One small town is a model renewable energy village putting into practice Germany’s vision of a renewably powered future.
True, the German market is slowing, but utility-scale and residential installations are feeding U.S. growth, a third-quarter 2013 report reveals.
Players in Germany’s emerging fuel cell vehicle market endorse plans to greatly increase the number of H2 fueling stations in the coming decade.
Germany is only expected to install 3.9 gigawatts of solar in 2013, down from 7.5 last year. That means we Americans might finally install more solar in a single year.
Some 460,000 Germans have shifted to car-sharing, up from a shy 20,000 customers back in 1997, according to industry association Bundesverband CarSharing.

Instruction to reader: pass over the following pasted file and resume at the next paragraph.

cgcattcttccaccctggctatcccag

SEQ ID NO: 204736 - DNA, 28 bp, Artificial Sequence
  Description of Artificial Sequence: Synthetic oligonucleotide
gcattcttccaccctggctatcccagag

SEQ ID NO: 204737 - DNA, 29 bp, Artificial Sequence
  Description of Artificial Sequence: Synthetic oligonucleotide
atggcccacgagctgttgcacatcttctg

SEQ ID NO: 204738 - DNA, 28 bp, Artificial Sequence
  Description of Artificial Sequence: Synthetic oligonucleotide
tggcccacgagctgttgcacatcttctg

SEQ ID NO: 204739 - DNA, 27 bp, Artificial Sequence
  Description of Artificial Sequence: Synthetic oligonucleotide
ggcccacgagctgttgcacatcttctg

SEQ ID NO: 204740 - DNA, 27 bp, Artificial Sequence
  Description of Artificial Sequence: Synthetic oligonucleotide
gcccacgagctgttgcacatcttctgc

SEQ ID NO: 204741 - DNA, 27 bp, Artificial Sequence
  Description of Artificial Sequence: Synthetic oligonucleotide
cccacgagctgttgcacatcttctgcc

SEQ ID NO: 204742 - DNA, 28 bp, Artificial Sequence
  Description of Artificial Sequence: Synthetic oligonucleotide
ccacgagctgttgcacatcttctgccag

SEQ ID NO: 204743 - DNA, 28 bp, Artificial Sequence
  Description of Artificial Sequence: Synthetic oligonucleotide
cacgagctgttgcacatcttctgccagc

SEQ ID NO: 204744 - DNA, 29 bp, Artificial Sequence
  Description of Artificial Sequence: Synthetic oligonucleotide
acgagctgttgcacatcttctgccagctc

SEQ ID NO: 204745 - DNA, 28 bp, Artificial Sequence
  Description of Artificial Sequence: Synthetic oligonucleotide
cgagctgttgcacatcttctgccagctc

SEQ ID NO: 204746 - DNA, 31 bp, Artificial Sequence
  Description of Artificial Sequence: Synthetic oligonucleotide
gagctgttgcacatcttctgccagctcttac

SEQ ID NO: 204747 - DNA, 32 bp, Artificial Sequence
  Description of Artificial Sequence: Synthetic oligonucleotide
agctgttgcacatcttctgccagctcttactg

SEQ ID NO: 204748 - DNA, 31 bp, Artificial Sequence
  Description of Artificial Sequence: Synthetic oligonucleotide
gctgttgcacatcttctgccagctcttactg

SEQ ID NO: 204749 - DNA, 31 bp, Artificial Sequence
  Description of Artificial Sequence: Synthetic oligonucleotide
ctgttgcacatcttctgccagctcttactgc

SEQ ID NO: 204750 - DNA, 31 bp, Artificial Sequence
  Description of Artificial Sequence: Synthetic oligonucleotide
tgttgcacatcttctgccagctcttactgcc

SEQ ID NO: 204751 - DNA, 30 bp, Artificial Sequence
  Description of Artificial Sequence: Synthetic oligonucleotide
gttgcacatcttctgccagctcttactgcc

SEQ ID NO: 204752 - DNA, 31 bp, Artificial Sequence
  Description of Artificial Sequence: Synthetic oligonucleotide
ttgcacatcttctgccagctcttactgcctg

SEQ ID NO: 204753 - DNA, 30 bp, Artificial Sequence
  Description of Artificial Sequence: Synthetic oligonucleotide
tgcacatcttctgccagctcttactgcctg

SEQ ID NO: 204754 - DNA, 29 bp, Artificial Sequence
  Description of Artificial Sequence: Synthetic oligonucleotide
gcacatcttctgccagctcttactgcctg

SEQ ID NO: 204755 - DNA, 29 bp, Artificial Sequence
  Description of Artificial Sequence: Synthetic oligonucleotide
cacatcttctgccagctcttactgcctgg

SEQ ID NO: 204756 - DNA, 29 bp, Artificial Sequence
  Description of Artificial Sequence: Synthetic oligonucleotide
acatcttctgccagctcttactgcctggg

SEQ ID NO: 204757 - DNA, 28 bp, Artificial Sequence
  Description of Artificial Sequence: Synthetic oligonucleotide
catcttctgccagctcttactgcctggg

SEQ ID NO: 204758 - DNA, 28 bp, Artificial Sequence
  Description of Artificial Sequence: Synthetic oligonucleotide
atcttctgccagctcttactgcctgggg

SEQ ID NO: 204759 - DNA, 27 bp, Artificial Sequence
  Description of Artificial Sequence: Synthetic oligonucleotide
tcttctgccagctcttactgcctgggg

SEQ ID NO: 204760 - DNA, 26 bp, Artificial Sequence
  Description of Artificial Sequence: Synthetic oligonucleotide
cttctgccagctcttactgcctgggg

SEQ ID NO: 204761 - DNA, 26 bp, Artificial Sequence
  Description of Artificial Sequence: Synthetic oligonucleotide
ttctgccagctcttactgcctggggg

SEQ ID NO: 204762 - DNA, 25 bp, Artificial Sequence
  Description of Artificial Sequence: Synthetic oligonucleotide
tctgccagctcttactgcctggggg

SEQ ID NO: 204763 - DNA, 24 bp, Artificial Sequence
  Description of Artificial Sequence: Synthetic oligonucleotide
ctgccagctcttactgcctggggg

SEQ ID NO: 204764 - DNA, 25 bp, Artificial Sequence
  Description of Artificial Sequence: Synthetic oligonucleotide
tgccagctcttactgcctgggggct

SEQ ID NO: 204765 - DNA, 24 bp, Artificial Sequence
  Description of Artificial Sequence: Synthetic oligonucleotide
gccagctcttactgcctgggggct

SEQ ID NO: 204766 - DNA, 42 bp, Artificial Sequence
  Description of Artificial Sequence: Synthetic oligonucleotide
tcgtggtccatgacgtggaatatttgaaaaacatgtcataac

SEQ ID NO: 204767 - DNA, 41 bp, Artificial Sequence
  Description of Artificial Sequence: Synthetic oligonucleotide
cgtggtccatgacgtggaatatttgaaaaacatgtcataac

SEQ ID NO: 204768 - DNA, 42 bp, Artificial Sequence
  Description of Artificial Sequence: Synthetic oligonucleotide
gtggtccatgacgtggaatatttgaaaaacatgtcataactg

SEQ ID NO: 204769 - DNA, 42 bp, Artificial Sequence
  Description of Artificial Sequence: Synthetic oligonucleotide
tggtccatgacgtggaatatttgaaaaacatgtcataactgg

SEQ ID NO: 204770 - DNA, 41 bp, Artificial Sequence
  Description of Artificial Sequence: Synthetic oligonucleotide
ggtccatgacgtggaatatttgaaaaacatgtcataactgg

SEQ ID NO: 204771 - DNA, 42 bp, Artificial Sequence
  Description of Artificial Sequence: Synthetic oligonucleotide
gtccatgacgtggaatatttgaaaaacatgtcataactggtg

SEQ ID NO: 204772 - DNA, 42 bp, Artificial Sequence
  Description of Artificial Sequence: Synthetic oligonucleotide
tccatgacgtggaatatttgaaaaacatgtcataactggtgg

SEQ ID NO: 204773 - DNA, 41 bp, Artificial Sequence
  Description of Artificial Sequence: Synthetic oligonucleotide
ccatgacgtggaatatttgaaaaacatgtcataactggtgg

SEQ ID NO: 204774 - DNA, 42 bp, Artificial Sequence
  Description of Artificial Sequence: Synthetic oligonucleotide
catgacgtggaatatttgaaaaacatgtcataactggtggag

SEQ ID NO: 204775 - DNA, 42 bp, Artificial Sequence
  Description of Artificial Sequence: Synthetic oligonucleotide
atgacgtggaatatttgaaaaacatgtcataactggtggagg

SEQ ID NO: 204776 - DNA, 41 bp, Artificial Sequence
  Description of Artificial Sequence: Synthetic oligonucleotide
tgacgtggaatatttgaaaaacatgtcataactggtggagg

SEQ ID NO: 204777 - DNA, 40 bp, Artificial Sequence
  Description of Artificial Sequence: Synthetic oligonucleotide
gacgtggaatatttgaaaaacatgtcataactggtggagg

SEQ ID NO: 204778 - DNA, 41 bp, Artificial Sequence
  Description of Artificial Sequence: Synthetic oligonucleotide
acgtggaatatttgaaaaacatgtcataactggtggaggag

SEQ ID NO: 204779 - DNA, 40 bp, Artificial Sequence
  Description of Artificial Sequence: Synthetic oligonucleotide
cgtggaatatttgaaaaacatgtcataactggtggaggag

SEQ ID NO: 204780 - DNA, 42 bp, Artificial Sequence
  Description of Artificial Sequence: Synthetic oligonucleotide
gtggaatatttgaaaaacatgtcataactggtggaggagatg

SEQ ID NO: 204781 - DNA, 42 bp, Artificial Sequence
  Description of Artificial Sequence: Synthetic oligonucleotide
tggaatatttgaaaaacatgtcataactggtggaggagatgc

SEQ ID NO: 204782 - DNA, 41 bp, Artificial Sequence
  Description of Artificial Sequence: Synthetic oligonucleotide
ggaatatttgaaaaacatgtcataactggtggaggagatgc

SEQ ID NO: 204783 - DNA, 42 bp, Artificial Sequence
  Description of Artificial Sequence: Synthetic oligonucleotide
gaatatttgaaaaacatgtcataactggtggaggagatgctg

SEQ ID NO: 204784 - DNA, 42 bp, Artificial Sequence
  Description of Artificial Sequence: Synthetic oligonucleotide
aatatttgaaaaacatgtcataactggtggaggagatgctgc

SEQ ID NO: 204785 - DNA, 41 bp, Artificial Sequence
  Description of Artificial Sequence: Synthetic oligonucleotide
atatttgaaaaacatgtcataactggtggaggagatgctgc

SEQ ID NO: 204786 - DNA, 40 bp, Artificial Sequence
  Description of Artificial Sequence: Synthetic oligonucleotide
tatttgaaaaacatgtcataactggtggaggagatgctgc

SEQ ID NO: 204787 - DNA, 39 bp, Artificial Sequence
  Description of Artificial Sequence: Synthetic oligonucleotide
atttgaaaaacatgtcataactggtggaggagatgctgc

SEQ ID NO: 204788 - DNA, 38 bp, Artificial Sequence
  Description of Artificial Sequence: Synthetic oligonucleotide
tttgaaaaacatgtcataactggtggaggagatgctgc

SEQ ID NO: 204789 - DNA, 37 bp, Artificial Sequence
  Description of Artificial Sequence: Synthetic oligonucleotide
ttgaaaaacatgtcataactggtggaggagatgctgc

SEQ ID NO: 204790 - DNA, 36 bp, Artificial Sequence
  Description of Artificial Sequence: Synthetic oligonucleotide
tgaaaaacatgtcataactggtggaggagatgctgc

Environmentalists and renewables advocates have long held up Germany’s Energiewende as a model, but recently, even center-left thinkers and media outlets have become skeptical.
For the first time on an industrial scale, hydrogen produced using wind power is being injected into the natural gas grid in Germany.
Germany’s renewable energy industry has again shown its strength, shattering through another solar power record.
More than 33,000 panels atop a distribution center in southern Germany comprise the biggest rooftop solar power system in the world’s leading solar country.
Germany’s renewables revolution is in fact highly successful and strong as ever, but that hasn’t stopped three myths from gaining traction in the media.